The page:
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Adding dark berries such as blueberries, blackberries and strawberries into your diet is one of the best ways to protect your heart health in the long-term. For best results, Robert Redfern recommends eating 5 portions of dark skinned fruits every day. Make sure to include avocados – preferably 2 every day for best heart health!

Robert Redfern

 

10 Top Foods That Prevent Inflammation in Your Body

14 Feb

f you have heart disease, high blood pressure, bacterial or viral infections, osteoporosis, arthritis, acid reflux, candidiasis, or acne, then you could also have chronic, low-grade inflammation. In fact, if you have any number of other diseases, it is likely you have inflammation. And if you want to get or remain healthy, you definitely want to reduce the damaging effects of it!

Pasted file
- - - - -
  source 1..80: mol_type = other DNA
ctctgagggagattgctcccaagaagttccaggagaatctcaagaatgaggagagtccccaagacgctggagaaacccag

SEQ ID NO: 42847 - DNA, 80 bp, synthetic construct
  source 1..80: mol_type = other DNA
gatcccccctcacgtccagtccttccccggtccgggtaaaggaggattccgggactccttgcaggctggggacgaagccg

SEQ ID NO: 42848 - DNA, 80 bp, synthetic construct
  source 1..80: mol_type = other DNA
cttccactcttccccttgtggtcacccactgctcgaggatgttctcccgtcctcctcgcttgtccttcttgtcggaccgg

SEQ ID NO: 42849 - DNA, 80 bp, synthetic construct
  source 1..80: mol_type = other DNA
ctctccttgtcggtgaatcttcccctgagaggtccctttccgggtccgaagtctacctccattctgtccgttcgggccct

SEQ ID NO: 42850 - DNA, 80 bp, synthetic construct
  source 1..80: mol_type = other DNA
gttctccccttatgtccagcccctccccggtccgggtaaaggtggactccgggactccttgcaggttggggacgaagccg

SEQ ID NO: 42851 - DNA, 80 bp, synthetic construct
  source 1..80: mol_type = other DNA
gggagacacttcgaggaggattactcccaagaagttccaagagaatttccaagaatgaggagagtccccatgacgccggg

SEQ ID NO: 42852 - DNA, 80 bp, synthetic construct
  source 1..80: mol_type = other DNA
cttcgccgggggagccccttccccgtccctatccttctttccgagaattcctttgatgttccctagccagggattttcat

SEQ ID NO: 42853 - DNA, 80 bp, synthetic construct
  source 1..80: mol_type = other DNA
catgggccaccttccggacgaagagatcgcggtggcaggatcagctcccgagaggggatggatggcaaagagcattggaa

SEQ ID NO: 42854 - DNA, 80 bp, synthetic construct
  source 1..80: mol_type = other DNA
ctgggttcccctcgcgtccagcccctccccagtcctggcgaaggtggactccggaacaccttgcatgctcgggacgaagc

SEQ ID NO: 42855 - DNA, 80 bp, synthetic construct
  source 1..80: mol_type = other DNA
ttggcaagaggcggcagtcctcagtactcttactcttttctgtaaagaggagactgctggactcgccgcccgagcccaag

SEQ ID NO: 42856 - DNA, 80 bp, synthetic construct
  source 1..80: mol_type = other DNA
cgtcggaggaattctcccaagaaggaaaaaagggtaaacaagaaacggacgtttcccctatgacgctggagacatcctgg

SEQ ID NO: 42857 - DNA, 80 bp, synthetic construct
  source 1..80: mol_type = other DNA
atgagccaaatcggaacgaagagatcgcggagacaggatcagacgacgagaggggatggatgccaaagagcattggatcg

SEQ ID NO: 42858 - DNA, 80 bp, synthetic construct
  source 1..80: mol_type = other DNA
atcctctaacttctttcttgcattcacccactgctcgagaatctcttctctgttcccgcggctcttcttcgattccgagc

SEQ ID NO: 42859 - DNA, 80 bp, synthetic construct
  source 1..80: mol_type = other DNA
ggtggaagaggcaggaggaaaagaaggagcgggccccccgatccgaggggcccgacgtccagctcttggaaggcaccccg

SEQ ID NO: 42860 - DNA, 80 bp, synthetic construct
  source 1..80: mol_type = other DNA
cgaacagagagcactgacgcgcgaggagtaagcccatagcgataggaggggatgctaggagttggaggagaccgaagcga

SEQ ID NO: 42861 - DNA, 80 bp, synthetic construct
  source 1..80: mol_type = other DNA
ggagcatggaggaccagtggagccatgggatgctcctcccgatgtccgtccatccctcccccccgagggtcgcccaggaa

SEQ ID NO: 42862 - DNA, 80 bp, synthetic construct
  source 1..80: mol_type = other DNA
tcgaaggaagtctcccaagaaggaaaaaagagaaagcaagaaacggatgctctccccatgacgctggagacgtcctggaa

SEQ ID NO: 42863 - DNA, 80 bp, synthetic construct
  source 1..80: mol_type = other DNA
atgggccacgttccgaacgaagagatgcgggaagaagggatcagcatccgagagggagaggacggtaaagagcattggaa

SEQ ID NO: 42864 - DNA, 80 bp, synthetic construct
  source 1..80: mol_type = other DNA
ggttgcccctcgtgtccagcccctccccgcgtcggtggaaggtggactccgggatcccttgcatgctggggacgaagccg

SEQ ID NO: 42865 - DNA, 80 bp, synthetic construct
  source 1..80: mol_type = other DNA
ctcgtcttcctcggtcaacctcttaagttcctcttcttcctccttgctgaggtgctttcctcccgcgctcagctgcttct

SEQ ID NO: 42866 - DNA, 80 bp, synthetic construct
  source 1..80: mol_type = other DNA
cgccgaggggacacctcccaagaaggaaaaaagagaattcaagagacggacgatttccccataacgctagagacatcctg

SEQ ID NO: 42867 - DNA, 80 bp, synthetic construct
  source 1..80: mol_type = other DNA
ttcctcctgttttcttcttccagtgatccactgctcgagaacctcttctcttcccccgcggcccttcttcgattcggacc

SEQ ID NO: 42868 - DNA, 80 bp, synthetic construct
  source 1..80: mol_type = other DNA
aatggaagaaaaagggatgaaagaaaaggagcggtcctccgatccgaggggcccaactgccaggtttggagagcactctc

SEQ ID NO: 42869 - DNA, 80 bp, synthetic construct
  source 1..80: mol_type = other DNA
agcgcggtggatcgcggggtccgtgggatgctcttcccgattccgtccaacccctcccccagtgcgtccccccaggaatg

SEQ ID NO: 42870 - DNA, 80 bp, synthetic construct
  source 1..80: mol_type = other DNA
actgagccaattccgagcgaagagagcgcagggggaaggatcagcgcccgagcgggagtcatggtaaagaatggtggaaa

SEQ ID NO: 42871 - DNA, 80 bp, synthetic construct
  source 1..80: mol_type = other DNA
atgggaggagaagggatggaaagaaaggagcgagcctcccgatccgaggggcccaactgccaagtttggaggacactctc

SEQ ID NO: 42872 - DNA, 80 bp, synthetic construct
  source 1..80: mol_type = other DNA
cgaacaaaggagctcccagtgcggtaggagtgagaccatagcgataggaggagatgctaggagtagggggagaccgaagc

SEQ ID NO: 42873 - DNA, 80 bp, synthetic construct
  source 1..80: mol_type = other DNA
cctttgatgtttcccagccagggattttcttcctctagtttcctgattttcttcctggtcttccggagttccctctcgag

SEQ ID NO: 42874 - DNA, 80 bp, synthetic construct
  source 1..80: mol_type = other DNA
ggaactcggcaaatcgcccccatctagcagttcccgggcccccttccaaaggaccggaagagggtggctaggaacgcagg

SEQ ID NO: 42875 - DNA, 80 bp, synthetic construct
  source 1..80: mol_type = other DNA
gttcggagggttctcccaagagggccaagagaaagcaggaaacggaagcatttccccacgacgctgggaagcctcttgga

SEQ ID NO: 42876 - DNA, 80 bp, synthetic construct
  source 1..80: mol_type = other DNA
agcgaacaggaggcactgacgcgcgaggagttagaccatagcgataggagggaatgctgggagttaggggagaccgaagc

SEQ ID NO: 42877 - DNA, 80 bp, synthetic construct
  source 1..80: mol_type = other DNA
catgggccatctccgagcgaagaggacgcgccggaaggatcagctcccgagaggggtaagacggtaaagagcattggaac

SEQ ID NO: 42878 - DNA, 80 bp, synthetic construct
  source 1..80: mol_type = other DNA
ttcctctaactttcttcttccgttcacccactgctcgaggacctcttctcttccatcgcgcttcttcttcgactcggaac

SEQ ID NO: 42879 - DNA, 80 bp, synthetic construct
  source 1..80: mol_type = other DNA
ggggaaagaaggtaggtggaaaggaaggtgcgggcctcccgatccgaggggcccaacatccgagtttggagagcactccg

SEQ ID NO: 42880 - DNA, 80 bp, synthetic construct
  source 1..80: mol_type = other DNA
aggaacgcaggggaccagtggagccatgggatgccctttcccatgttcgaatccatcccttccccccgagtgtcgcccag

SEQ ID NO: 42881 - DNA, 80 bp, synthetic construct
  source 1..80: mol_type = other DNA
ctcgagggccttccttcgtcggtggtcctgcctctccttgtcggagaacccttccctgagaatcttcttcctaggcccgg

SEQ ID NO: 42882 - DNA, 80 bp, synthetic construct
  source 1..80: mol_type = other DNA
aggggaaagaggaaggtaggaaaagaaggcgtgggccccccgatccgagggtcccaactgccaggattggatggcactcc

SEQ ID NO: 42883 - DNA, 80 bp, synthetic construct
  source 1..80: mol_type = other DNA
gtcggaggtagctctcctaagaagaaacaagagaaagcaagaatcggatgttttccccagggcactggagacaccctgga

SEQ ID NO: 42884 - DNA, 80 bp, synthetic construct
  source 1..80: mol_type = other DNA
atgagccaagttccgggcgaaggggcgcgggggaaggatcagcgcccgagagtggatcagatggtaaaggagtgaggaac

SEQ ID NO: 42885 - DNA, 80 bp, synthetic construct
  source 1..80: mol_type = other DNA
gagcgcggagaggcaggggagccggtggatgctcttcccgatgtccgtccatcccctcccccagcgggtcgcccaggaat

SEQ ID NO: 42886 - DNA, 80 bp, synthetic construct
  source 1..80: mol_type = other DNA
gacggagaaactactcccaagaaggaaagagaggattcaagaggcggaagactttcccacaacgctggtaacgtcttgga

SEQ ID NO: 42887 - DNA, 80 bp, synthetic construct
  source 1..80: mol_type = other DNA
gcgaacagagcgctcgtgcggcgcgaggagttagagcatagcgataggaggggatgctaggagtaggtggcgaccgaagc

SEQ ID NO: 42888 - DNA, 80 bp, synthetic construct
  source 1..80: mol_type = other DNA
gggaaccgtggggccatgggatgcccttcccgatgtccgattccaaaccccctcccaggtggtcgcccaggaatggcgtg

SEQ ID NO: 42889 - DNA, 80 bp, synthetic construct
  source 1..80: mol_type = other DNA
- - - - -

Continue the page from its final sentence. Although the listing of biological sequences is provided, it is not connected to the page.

Diet is a key part of your inflammation-fighting plan, and some foods have amazing anti-inflammatory properties.

What Is Inflammation?

Inflammation has a positive and negative affect in your body. Inflammation has a positive side because it helps your body respond to stress. But chronic, low-grade inflammation is thought to be one of the leading causes of disease, premature aging, and illness.

When you get a cold, your body responds with inflammation in the form of a fever that helps you heal. The inflammation does its job, gets rid of the virus, and disappears. But if your immunity is compromised and your body is constantly stressed, you might experience chronic low-grade inflammation that leaves you more susceptible to illness and disease.

Foods That Fight Inflammation the Natural Way

You can help your body fight inflammation by reducing stress, eliminating sugar and processed foods, and getting enough sunshine. Diet is a key part of your inflammation-fighting plan, and some foods have amazing anti-inflammatory properties.